KUALA LUMPUR - US President Barack Obama warned Sunday that ethnic and religious conflicts could move Myanmar in a “very bad direction.”

Obama praised the “courageous process” of political reform taking place in a country formerly led by a military junta, but warned that democratisation after years of repression brought its own perils.

“Myanmar won’t succeed if the Muslim population is oppressed,” Obama said at a “town hall” meeting during a visit to Muslim-majority Malaysia.

Obama was referring to Myanmar’s Muslim Rohingya minority in Rakhine state which has been subject to persecution at the hands of Buddhist nationalists. “The danger now that they are democratising is that there are different ethnic groups and different religions inside Myanmar,” Obama said.

“If people start organising politically around the religious identity or their ethnic identity... then you can actually start seeing conflicts... that could move Myanmar in a very bad direction.” “In particular, you have a Muslim minority inside Myanmar right now that the broader population has historically looked down upon and whose rights are not fully being protected.”

Buddhist-dominated Myanmar, also known as Burma, has been by plagued by religious unrest in recent years with at least 250 people killed in Buddhist-Muslim clashes since 2012. Thousands more people have been displaced.

US President Barack Obama warned Sunday the West will take further measures against Moscow’s “provocation” in Ukraine, where pro-Russian militants are holding a team of international observers as “prisoners of war”. Speaking in Asia, Obama called for global unity over the crisis as Europe and the US prepare fresh sanctions against Moscow expected to come into force as early as Monday. AFP reporters in the flashpoint city of Slavyansk in eastern Ukraine said tensions were running high at checkpoints. Militants were reinforcing defences around occupied buildings and ordering journalists away.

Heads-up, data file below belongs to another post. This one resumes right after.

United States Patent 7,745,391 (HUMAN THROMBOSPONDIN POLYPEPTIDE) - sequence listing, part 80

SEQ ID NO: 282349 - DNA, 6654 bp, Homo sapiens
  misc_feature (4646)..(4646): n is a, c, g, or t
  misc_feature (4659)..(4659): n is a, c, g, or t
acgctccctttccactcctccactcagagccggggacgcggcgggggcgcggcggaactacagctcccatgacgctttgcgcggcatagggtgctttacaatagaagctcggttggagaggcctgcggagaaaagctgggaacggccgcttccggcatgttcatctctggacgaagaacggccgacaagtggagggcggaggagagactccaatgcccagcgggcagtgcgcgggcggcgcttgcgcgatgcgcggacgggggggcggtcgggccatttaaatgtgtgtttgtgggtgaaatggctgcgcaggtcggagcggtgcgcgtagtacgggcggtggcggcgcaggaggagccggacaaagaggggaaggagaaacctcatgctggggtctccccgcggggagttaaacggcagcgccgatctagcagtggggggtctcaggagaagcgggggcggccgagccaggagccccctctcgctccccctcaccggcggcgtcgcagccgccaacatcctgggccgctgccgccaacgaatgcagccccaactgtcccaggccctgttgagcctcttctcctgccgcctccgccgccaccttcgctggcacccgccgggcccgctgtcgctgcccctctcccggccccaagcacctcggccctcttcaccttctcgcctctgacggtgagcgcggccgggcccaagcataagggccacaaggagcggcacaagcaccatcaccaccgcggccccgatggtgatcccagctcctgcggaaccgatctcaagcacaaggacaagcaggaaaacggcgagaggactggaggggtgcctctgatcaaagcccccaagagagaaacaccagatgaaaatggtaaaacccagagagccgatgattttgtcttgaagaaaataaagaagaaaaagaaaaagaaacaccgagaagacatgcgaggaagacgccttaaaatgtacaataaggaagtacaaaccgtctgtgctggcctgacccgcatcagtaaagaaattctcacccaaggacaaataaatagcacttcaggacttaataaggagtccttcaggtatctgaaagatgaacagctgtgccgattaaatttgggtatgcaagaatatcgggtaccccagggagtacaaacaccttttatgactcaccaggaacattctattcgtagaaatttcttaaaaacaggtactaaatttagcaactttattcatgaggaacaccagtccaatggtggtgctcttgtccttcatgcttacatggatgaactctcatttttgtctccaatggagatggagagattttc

President Obama said Sunday that foreign policy crises elsewhere and domestic political strife would not distract America’s attention from a rising Asia.

“We’re going to be in a stronger position to deter Mr Putin when he sees that the world is unified and the United States and Europe are unified rather than this is just a US-Russian conflict,” Obama said. Pro-Russia militias this month occupied a string of towns and cities in eastern Ukraine, sparking a military response from the Ukrainian army, which is laying siege to Slavyansk.